Google Timelapse

    Featuring select locations around the Earth.
    Miami, Brisbane, Las Vegas
    Mountain glaciers, Antarctic glaciers
    Logging in California, Solar Farm in China
    Aral Sea, Dead Sea
    etc

    [​IMG]
     
  11. ImaginaryNumber
    Joined: May 2009
    Posts: 415
    Likes: 40, Points: 28, Legacy Rep: 399
    Location: USA

    ImaginaryNumber Imaginary Member

    The Arctic’s carbon bomb might be even more potent than we thought | Washington Post

    Scientists had predicted that most of the greenhouse gases released from the carbon-rich, frozen soils of the Arctic would be less-potent carbon dioxide, rather than more-potent methane. Research published in Nature Climate Change suggests that waterlogged wetland soils, where oxygen is not prevalent, will produce a considerable volume of methane. Previous studies had not examined warming waterlogged Arctic soils over a long period of time. This study discovered that it took three years or more for the methane-generating microorganisms to really start producing.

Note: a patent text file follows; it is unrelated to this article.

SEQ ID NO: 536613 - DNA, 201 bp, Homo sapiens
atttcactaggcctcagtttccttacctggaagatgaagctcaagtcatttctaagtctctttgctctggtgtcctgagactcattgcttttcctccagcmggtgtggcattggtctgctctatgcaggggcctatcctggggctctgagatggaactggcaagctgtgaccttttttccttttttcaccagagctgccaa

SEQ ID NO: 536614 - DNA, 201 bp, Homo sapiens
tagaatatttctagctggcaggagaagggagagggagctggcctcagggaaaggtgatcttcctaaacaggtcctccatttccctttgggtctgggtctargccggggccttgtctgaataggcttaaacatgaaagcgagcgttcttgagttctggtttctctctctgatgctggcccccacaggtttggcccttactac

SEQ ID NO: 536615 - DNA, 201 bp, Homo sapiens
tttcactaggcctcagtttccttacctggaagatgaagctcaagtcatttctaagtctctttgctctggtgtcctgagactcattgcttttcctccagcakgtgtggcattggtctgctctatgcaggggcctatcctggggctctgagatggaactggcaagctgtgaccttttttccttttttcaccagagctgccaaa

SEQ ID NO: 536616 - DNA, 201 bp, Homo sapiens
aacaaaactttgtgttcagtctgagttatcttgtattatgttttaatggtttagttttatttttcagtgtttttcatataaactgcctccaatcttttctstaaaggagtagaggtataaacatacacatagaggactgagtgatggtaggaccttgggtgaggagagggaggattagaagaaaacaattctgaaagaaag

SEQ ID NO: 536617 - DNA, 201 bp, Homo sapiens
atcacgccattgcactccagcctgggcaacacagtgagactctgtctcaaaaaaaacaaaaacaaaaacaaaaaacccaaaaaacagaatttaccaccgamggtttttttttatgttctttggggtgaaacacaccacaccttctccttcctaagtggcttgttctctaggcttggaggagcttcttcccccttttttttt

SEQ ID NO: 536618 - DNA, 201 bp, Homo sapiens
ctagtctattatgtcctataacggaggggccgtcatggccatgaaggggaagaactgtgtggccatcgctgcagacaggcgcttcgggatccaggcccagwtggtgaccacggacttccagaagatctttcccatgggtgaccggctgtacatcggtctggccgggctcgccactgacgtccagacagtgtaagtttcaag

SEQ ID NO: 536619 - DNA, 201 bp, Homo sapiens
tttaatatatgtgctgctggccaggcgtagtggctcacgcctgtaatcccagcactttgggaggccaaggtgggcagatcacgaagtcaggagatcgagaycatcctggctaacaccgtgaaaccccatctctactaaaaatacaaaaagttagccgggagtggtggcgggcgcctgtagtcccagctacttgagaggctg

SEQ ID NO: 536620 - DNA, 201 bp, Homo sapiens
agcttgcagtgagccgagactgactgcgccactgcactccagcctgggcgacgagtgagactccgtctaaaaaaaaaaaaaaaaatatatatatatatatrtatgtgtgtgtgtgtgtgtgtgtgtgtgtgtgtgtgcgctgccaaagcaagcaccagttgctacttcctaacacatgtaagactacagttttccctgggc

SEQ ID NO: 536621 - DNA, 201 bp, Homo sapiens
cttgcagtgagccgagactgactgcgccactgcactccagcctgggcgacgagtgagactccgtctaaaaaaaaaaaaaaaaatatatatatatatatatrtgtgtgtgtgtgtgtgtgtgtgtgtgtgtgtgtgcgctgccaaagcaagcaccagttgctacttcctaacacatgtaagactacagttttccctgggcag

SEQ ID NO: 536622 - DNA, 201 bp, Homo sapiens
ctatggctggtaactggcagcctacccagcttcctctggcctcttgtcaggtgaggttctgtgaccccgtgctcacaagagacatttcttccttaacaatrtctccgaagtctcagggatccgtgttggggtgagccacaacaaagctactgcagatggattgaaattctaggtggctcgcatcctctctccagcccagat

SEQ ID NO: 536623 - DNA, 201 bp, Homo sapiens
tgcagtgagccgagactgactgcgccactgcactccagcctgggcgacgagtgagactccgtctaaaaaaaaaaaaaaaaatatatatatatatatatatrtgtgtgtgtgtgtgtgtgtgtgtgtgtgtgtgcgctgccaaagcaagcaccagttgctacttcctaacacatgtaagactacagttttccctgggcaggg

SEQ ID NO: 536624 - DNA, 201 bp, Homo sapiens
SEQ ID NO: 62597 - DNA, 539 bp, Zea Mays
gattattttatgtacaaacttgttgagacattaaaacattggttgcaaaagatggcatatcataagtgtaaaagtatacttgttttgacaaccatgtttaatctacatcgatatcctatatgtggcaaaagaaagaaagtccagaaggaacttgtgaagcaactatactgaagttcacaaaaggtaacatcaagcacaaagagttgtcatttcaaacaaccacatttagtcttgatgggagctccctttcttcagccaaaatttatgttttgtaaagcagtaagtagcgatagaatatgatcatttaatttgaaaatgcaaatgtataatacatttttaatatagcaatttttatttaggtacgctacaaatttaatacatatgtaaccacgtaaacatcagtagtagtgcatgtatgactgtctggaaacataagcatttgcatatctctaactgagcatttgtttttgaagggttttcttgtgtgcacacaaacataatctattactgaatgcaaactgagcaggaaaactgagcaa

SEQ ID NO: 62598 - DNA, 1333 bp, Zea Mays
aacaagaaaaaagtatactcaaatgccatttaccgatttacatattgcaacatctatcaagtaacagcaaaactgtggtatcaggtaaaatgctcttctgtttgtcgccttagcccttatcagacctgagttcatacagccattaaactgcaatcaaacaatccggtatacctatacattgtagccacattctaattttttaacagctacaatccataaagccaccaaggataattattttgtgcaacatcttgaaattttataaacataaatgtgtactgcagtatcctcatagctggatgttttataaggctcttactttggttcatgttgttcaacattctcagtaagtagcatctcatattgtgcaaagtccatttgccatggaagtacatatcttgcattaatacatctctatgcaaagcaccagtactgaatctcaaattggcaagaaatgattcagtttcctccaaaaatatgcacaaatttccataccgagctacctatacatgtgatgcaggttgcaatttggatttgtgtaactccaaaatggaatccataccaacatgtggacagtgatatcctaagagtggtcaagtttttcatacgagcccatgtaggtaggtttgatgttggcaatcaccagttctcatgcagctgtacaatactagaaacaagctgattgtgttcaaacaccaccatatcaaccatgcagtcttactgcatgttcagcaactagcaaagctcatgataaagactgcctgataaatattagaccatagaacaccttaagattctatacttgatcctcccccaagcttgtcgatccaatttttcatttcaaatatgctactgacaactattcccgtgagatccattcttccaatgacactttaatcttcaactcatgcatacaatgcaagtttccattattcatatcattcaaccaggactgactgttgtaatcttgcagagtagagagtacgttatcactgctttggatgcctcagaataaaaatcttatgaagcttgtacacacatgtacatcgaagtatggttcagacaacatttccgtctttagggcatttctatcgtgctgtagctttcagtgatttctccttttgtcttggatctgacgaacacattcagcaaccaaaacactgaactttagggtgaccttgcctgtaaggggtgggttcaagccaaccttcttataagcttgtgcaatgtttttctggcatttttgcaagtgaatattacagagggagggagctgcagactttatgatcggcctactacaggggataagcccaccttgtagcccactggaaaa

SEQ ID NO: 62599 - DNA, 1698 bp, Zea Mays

12. ImaginaryNumber
    Joined: May 2009
    Posts: 415
    Likes: 40, Points: 28, Legacy Rep: 399
    Location: USA

    ImaginaryNumber Imaginary Member

    Land degradation may affect 3.2 billion people globally | Economic Times of India

    Worsening land degradation caused by human activity is undermining the well-being of two fifths of humanity, driving species to extinction and intensifying climate change, says the world's first comprehensive evidence-based assessment of land degradation and restoration. Produced by the Intergovernmental Science-Policy Platform on Biodiversity and Ecosystem Services (IPBES),